Cross country races are tough, guts-out, lung-ravaging affairs, and for most high schoolers, 5k is long enough.
But some want to ride that feeling a little longer. Like Zachary Zhao.
Though he wanted to play soccer as a freshman at Magruder High School in Rockville, he broke his collarbone over the summer. That was his second break in the same year, and contact sports were out of the question.
Luckily for him, cross country isn’t a contact sport.
“I didn’t realize kids were running five miles at a time,” Zhao, now a sophomore, said. “That first practice was a shock. Three miles was so hard.”
Zhao soon became more comfortable with training and running. But the short three-to-five-mile runs for cross country practice or the quick bursts of speed for track weren’t satisfying his need to excel. He needed a tougher challenge; he wanted more miles.
In September 2017, Zhao competed in his first half marathon, and since those initial 13.1 miles, he’s been aching to run more long-distance races. He wants to complete a full marathon before graduating high school.
“After track season freshman year, I just had the really strong to run,” he said. “It was a lifestyle. I would get cross country withdrawal if I didn’t run on a certain day.”
The summer of 2017, Zhao would run five to 10 miles because he was enjoying it so much. Leading up to cross country season, Zhao wanted to run a half marathon, and the Parks Half Marathon was basically in his back yard.
He got permission from the race committee to race, since he was younger than 18. Training for that race was a bit tricky with balancing school, homework, sports and evening Chinese lessons. His cross country coach had him training hard — upwards of 70 miles per week.
“I was running in the mornings, and evenings after practice,” Zhao said.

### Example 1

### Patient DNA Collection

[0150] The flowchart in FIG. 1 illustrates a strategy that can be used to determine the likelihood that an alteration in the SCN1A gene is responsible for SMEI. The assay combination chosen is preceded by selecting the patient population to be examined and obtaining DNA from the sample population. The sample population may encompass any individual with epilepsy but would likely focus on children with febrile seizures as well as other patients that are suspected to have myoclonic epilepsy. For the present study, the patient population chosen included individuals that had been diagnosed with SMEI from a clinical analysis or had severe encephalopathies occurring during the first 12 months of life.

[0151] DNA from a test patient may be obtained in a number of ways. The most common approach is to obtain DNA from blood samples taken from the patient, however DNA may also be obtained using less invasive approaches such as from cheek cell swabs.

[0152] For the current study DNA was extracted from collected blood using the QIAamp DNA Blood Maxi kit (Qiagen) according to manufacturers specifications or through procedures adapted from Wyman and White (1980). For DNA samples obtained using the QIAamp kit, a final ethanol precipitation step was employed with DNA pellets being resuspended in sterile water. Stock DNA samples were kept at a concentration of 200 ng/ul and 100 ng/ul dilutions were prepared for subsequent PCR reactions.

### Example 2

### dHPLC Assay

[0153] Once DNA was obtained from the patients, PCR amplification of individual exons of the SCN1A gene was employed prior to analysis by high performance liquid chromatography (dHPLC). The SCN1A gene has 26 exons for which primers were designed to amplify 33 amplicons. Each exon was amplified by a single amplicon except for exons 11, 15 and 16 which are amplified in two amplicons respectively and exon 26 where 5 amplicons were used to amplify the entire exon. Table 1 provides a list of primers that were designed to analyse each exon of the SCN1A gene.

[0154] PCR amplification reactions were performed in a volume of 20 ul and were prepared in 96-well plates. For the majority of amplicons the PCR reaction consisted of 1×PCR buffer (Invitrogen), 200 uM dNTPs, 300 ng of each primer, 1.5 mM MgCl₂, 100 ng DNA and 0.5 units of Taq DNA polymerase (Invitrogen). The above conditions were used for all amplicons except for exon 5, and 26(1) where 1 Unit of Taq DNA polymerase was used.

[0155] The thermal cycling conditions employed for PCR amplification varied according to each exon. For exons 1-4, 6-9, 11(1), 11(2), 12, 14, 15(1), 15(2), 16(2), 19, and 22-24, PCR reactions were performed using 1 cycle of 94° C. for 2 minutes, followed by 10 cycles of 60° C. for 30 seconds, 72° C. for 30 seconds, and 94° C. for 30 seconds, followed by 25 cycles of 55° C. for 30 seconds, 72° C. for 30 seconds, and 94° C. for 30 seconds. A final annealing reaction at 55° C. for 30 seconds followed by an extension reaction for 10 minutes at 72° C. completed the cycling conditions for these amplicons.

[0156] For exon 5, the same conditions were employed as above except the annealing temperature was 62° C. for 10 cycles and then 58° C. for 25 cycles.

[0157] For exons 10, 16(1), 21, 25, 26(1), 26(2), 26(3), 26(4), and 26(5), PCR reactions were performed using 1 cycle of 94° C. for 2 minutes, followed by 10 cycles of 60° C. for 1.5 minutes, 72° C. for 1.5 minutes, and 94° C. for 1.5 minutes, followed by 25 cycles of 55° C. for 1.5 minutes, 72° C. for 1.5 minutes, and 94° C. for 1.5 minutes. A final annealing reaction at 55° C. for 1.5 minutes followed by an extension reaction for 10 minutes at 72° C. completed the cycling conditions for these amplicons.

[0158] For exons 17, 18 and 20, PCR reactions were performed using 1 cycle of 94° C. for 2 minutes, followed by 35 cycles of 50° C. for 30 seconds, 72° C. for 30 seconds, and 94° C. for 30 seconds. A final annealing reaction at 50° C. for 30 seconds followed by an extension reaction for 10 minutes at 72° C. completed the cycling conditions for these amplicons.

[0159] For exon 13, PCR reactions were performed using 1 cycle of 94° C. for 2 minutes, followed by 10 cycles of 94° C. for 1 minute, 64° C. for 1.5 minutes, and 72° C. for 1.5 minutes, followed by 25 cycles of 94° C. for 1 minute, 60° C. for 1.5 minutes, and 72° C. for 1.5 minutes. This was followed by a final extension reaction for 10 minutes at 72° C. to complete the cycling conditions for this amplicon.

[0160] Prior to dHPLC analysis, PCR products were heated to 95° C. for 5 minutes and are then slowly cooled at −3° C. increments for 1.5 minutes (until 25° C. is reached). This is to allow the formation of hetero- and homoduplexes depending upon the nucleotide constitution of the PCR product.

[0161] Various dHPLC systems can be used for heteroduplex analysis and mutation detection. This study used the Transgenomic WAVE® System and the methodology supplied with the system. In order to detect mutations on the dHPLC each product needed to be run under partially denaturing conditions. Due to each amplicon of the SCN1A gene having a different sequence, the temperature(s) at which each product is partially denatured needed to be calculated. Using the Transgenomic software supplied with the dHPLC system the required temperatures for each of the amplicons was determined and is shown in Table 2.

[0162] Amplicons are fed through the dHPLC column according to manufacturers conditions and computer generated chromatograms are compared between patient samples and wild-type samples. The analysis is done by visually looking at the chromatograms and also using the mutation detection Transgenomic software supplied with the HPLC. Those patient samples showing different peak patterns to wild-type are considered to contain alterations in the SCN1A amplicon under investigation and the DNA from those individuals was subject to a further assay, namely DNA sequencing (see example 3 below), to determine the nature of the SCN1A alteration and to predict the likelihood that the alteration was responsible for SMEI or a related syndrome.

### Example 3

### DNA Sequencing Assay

His grades did suffer a bit including in honors physics, said his mom, Shuling Hwang.
“In the beginning, I was a little bit worried. Now he balances himself much, much better,” she said. “Before when he first started running, he was tired so he forgot to do homework. Now, he knows what to do.”
On race day, Zhao was unsure of his own abilities. He started with the 1:50 pace group, but soon realized they were a bit too slow. He sped up and caught up to another group. The race course was similar to some of his cross country routes, so he felt comfortable.
He finished the race just under 1:40.
“I realized that even if I won my age group, I wouldn’t be able to get any prize money because I wasn’t qualified technically because I was underage.”
He hopes to complete this race again in the fall, and his goal is to get his time to under 90 minutes.
“I have a pretty rigorous training plan over the summer that I want to try,” Zhao said. “It’s 65 to 70 miles per week, which sounds like a lot, but after track, my fitness should be a lot better.”
“I’m so happy he found a sport he loves,” Hwang said. “I used to have to wake him up, but now he wakes up himself! I can see the difference.”
That bucket list marathon is calling him, but Zhao doesn’t know which race he’d run. He considered registering for the upcoming D.C. Rock ‘n’ Roll Marathon in March but concedes that might be too soon.
“He’s growing into a great athlete, and he has a lot of potential,” said cross country coach Exavier Watson. “He just has to focus.”
Ten years ago, a federal shutdown came in one of the busiest months for road racing,and nearly cancelled the Marine Corps Marathon.
Zoo Loop now closes at 5 p.m., Arlington Boulevard comments due Sept. 28, Kelati heading to world road racing championships.
After a nearly year-long hiatus, Pace the Nation has returned with St. Andrews graduate and Georgetown recruit Tinoda Matsatsa.
Keira D’Amato breaks the American record in the half marathon, Chantilly’s Sean McGorty makes the world 5k team and DDOT will hold a meeting on a new bridge to the Arboretum.